Sloan continued, "The question now is how extensively has the Administration used propaganda to shore up its controversial policies? Did it pay any commentators to speak out in support of the Patriot Act? Is it paying anyone now to convince the public that Social Security is in crisis? By filing these FOIAS, we hope to answer these questions."
CBS employees lost their jobs; is Judith Miller next?
CBS released a report this week on its controversial use of four disputed documents about Bush's National Guard record, announcing that they had fired or asked for the resignations of four staffers. As Media Matters has noted, the report did not in any way exonerate Bush; nor does it contradict the documented evidence that Bush skipped a required physical; was grounded from flying; and received a questionable honorable discharge that he may not have earned.
The firestorm over the CBS report illustrates a double standard regarding media mistakes. CBS has been roundly criticized, and employees have lost their jobs, over a report that used documents that may not have been real. Last year, The New York Times ran at least five articles and columns that used a "quote" from Senator John Kerry that was definitely not real. Nobody lost their job -- or even, so far as we know, was even reprimanded.
As Somerby has explained:
We finally have the full information. Yes, [New York Times columnist] Maureen Dowd invented that fake NASCAR quote-the comical "quote" from pretentious old Kerry (see The Daily Howler, 9/21/04). And once Dowd invented the phony quotation, it spread through the great New York Times. It was repeated by [John] Tierney; repeated by [Sheryl Gay] Stolberg; repeated by [Timothy] Egan; repeated by [Frank] Rich-and Kerry was mocked for his pompous (fake) statement every single time that they did it. Five separate times in the past several months, Kerry was mocked in the Times for his comment. And oh yes, let's repeat this-the "quotation" in question was phony. Kerry never made the statement in question. Maureen Dowd simply made the "quote" up.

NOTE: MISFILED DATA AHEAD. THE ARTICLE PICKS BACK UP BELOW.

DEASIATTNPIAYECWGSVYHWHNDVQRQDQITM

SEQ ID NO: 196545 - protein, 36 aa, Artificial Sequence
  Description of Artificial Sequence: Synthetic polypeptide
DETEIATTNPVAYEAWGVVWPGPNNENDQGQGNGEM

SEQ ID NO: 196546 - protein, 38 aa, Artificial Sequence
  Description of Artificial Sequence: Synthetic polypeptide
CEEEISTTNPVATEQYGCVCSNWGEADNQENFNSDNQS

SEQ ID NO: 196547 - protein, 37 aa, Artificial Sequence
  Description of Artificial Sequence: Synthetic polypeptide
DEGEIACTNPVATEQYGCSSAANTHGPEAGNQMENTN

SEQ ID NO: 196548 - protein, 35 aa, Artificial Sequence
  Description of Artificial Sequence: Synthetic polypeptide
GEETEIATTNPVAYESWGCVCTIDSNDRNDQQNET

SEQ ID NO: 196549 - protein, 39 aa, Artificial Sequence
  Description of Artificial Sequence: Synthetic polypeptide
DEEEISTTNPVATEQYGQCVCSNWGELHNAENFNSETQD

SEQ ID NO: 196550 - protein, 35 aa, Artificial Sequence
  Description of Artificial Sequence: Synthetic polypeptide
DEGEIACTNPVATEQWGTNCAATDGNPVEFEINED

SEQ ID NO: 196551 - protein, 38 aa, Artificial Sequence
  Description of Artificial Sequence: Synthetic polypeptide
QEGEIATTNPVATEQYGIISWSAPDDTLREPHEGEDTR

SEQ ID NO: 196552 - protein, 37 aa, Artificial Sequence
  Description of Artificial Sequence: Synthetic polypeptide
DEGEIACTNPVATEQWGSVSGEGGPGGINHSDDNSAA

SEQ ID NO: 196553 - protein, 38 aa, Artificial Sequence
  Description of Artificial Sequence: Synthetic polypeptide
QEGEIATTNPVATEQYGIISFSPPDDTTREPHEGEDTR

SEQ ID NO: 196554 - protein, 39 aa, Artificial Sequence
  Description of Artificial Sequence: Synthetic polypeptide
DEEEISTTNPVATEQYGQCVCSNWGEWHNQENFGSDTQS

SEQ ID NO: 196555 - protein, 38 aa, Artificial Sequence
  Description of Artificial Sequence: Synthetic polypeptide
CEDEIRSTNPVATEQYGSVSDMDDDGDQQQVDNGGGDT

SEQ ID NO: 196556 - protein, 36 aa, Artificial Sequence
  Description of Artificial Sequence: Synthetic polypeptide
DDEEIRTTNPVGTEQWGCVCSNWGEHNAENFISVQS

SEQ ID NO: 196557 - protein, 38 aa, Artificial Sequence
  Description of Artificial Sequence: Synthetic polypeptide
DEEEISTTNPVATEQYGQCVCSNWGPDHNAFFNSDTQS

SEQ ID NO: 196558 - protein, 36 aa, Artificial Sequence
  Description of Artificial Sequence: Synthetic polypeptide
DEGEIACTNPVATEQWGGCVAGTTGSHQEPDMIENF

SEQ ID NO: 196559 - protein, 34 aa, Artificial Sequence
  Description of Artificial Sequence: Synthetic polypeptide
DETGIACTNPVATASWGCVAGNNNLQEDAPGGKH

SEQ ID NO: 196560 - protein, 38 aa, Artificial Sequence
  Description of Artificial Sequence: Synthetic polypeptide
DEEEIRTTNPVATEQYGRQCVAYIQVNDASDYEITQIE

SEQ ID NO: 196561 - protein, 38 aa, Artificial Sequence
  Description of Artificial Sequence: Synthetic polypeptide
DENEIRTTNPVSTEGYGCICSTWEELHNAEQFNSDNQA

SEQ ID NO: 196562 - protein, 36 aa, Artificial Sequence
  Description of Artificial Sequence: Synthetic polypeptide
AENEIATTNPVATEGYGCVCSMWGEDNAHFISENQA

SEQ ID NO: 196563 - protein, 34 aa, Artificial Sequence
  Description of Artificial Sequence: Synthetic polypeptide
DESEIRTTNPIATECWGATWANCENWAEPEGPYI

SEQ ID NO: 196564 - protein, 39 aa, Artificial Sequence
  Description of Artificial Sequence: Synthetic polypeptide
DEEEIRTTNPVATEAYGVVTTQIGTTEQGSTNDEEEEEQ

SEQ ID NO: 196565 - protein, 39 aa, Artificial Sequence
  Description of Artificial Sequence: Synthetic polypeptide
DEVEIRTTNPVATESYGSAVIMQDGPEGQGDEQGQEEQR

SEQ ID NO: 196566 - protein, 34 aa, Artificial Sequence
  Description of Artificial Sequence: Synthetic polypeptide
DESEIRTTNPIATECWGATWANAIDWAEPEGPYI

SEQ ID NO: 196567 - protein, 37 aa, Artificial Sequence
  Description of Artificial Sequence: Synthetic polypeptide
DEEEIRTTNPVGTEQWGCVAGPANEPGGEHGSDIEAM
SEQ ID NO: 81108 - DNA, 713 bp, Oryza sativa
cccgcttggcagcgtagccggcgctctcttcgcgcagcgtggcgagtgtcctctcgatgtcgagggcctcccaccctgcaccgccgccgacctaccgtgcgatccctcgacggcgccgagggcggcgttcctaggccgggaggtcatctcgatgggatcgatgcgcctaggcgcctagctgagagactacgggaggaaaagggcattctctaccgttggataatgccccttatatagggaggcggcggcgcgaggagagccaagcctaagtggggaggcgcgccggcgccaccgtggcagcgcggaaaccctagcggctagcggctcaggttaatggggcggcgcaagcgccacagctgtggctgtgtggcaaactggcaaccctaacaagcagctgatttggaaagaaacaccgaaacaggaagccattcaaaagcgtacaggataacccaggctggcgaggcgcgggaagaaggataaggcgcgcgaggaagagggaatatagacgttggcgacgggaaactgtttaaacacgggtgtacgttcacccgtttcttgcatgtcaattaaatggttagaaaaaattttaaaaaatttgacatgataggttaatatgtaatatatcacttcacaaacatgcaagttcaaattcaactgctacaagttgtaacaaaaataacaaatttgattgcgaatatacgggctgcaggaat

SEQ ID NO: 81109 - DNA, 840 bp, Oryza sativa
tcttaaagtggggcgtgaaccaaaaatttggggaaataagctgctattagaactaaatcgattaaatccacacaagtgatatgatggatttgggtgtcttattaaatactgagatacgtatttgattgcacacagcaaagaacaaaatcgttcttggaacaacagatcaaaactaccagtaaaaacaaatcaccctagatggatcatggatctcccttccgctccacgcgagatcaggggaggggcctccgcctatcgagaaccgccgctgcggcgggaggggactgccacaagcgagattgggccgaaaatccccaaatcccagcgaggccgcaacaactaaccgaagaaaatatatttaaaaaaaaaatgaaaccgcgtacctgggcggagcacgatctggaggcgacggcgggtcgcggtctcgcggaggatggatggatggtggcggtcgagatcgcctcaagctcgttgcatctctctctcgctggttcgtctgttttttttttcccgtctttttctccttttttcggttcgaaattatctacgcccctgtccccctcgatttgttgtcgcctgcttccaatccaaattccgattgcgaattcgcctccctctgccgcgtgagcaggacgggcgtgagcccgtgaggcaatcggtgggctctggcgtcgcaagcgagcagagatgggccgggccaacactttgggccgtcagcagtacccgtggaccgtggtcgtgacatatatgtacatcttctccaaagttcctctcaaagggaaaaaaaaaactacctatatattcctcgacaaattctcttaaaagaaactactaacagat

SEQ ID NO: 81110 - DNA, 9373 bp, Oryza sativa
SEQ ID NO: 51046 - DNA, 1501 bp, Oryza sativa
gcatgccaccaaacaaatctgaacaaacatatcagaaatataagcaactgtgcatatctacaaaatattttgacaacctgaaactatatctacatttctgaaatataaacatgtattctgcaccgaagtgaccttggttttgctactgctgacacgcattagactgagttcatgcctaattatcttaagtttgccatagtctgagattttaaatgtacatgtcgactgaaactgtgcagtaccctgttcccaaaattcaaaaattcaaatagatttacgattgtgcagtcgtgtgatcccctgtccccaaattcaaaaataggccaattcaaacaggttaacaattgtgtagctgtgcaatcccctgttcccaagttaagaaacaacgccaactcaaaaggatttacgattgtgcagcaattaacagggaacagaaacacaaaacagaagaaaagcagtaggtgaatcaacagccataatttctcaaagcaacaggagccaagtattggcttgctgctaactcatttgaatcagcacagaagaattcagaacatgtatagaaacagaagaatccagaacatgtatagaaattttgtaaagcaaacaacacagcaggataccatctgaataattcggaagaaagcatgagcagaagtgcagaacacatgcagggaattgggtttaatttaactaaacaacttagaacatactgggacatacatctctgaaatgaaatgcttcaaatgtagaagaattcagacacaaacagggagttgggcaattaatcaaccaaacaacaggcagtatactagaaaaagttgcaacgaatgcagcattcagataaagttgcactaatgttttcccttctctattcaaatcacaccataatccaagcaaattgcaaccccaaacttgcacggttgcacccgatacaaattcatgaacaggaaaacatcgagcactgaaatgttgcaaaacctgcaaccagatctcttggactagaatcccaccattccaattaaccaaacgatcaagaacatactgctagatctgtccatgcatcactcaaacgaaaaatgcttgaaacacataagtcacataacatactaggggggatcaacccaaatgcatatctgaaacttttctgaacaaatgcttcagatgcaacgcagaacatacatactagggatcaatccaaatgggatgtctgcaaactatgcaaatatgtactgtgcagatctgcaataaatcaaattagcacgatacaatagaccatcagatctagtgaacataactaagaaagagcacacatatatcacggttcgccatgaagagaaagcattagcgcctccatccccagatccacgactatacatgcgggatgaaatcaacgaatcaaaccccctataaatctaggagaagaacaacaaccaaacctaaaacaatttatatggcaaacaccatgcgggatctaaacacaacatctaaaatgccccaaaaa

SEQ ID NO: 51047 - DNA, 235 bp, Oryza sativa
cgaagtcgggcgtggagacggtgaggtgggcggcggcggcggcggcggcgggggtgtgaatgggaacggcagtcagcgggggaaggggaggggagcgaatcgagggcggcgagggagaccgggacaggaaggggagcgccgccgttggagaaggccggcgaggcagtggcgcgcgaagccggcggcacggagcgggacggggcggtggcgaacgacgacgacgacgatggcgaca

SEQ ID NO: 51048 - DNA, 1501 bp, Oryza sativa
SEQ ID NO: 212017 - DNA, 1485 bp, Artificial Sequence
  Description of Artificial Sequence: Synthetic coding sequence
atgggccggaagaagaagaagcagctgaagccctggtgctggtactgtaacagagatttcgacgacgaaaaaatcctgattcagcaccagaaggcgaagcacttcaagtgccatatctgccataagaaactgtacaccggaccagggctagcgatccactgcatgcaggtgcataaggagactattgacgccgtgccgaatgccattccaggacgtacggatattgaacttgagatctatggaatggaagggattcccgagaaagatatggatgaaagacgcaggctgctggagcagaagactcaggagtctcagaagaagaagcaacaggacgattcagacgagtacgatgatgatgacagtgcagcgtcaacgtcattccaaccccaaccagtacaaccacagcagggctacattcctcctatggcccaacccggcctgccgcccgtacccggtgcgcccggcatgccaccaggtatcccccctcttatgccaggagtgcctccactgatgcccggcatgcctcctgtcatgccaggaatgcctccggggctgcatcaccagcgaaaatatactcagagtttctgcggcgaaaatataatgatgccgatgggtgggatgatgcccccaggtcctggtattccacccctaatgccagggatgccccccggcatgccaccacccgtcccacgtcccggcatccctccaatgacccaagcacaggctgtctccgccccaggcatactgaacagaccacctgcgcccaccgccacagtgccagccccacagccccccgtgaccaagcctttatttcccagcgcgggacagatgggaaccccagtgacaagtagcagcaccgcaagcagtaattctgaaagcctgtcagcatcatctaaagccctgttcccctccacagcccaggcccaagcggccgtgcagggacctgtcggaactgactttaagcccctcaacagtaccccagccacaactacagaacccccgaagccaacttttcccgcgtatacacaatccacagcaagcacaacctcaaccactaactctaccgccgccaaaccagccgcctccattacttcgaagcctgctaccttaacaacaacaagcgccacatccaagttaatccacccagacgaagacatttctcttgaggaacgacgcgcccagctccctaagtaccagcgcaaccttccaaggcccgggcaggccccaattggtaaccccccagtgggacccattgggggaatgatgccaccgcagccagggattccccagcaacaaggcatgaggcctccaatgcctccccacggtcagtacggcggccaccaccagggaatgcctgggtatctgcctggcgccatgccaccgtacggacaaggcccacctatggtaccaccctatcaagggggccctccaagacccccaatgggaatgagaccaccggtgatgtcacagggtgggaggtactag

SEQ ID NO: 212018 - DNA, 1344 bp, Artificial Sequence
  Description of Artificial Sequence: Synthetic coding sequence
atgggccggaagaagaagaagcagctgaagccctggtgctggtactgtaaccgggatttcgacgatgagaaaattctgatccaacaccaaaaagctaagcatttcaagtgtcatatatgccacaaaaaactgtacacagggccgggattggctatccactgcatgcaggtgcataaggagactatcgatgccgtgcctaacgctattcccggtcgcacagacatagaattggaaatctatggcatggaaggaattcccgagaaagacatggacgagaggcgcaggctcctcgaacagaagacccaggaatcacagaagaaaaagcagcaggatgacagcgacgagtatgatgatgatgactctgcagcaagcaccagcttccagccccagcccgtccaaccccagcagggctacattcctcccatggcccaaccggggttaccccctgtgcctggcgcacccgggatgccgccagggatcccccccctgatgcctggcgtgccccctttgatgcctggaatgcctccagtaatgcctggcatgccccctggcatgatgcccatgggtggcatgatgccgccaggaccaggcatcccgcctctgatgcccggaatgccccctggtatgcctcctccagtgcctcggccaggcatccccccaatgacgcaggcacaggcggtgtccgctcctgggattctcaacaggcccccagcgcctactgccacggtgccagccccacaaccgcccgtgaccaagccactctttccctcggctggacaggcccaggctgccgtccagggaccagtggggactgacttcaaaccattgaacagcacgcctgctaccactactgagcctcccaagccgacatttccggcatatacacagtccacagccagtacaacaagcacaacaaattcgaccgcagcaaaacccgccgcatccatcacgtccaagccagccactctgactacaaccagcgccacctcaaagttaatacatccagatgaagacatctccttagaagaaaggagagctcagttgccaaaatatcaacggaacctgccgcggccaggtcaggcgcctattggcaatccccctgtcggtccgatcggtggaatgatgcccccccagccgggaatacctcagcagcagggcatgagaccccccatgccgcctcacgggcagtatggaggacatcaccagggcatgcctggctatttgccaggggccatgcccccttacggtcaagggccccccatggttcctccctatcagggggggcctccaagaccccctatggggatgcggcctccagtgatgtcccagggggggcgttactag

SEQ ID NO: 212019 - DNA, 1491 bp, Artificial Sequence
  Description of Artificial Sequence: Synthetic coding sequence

In 2000, The Washington Post and The New York Times both published a "quote" attributed to former Vice President Al Gore about Love Canal that definitely wasn't real, and resulted in him being widely criticized. Nobody lost their job, and nobody was reprimanded, so far as we know. As Columbia Journalism Review noted:
In the Love Canal flap, The Washington Post and The New York Times both misquoted Gore as saying at a high-school appearance in New Hampshire in November, "I found a little place in upstate New York called Love Canal . . . I was the one that started it all." In fact, what Gore had said was, "That was the one that started it all." He made his remarks in the context of telling the high-school students about another high-school student, in Toone, Tennessee, who had alerted his congressional staff to problems with toxic waste. Both newspapers eventually ran corrections -- but not until the damage had been done.
Other examples abound: Neither The Washington Post's Susan Schmidt, nor The New York Times' Jeff Gerth, nor anyone else at the Post, the Times, the Wall Street Journal, or elsewhere lost their jobs over years of flawed reporting about Whitewater. And, of course, The New York Times still employs Judith Miller and others, despite their deeply flawed reporting in the lead-up to the United States' 2003 invasion of Iraq.
As FAIR wrote this week:
The claims that this controversy proves that CBS, or the media as a whole, have a liberal or anti-Bush bias, are ludicrous. When CBS staffers got caught taking shortcuts on a story critical of Bush, it cost them their careers. By contrast, other reporters have received much less scrutiny and punishment for offenses of far greater magnitude-- and with much more significant consequences to society. The New York Times, for example, published numerous allegations about weapons of mass destruction in Iraq that turned out to be false-- such as one source's claim that "all of Iraq is one large storage facility" for WMD. Those stories, many of which were splashed on the paper's front page, did a great deal to sell the White House's bogus case for war against Iraq.
While the Times has admitted that some of its WMD reporting was "insufficiently qualified or allowed to stand unchallenged," the reporter most responsible for those stories, Judith Miller, was never sanctioned by the Times-- and indeed still continues to report on Iraq for the paper. Ironically, after MSNBC's Hardball finished its discussion of CBS and journalistic responsibility on January 10, the show turned to a discussion of Iraq featuring... Judith Miller.
The lesson of "Memogate," then, is that journalists may be punished for bad reporting-- if they have offended the wrong people. If they have merely helped steer the country into war under false pretenses, their careers can continue unimpeded.